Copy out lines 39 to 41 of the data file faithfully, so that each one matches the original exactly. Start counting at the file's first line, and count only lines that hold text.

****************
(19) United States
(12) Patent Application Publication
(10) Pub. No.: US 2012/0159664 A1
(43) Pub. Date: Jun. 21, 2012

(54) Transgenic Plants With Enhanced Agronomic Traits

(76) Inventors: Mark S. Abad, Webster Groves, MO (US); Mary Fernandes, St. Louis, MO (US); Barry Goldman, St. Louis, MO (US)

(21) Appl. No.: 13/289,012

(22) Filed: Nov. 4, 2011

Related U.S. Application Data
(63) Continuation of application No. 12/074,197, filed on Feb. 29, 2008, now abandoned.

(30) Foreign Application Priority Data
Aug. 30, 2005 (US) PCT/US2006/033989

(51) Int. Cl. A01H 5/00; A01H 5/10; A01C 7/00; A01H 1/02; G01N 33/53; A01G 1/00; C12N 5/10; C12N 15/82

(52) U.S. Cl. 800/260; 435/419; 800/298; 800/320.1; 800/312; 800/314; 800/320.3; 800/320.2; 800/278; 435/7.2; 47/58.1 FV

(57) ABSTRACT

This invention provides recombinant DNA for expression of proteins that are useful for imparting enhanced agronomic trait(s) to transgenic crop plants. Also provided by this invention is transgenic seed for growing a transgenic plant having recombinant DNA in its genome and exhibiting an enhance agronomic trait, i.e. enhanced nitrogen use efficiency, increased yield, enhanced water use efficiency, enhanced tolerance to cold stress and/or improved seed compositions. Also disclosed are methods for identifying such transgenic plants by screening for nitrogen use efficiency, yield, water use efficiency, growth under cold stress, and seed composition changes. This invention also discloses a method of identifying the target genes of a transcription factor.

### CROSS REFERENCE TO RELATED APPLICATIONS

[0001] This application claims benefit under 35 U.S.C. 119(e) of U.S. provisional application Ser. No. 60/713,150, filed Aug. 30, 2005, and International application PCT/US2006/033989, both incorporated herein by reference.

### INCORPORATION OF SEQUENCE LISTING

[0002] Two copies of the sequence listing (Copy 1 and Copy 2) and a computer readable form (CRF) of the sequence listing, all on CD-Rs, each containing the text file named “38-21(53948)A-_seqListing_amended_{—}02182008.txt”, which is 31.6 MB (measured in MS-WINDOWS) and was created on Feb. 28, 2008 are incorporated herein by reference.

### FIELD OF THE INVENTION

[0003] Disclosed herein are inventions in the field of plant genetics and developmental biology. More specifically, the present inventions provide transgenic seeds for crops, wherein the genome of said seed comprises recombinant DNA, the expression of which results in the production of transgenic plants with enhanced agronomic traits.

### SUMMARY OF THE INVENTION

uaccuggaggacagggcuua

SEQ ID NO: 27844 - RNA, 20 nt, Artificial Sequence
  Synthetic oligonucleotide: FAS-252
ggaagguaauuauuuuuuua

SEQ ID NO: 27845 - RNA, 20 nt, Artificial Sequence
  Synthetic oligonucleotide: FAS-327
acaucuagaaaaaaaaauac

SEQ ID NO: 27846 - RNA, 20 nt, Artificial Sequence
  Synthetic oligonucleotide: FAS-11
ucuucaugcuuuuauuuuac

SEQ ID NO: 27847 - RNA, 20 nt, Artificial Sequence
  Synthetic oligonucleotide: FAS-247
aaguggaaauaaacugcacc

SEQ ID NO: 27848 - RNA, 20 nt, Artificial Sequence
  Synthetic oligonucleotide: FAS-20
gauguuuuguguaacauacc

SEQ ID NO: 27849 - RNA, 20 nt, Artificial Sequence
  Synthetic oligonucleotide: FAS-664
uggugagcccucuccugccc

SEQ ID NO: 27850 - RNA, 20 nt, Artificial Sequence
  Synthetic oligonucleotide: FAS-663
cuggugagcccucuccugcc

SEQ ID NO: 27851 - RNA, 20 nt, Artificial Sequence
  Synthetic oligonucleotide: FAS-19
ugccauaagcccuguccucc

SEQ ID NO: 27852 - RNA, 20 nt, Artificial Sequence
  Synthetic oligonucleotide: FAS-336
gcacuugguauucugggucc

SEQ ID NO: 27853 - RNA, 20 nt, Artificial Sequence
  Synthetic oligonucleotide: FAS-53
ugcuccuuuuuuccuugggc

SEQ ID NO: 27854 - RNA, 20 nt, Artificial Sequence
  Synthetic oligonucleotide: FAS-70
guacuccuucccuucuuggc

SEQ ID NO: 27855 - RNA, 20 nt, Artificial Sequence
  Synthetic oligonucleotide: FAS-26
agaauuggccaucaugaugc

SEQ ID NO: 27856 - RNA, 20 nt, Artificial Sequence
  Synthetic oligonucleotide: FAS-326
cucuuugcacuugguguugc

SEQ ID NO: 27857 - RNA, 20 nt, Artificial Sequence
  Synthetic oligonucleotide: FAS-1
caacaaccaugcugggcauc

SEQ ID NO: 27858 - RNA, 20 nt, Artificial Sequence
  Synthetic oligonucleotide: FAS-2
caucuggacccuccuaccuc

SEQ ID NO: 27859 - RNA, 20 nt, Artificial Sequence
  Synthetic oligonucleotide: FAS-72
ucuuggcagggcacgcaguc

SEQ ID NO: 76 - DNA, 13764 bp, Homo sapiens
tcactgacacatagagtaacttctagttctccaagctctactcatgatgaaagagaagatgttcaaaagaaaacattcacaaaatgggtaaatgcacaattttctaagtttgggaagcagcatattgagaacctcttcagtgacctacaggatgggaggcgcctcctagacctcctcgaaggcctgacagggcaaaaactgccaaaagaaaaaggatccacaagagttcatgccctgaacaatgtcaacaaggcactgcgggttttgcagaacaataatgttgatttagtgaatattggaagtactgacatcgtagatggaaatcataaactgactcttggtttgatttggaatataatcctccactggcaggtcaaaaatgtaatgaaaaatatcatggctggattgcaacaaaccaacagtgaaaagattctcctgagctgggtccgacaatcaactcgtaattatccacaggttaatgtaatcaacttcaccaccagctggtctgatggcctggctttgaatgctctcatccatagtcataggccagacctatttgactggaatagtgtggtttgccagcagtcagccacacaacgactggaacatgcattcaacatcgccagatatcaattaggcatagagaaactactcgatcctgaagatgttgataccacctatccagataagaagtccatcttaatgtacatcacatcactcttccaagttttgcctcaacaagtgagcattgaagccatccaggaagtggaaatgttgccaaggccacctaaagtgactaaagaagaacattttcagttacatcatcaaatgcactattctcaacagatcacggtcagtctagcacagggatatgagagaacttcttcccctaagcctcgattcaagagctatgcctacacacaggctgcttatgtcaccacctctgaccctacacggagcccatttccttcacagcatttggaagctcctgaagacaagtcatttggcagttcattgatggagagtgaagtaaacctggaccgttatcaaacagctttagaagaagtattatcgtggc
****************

gauguuuuguguaacauacc

SEQ ID NO: 27849 - RNA, 20 nt, Artificial Sequence
  Synthetic oligonucleotide: FAS-664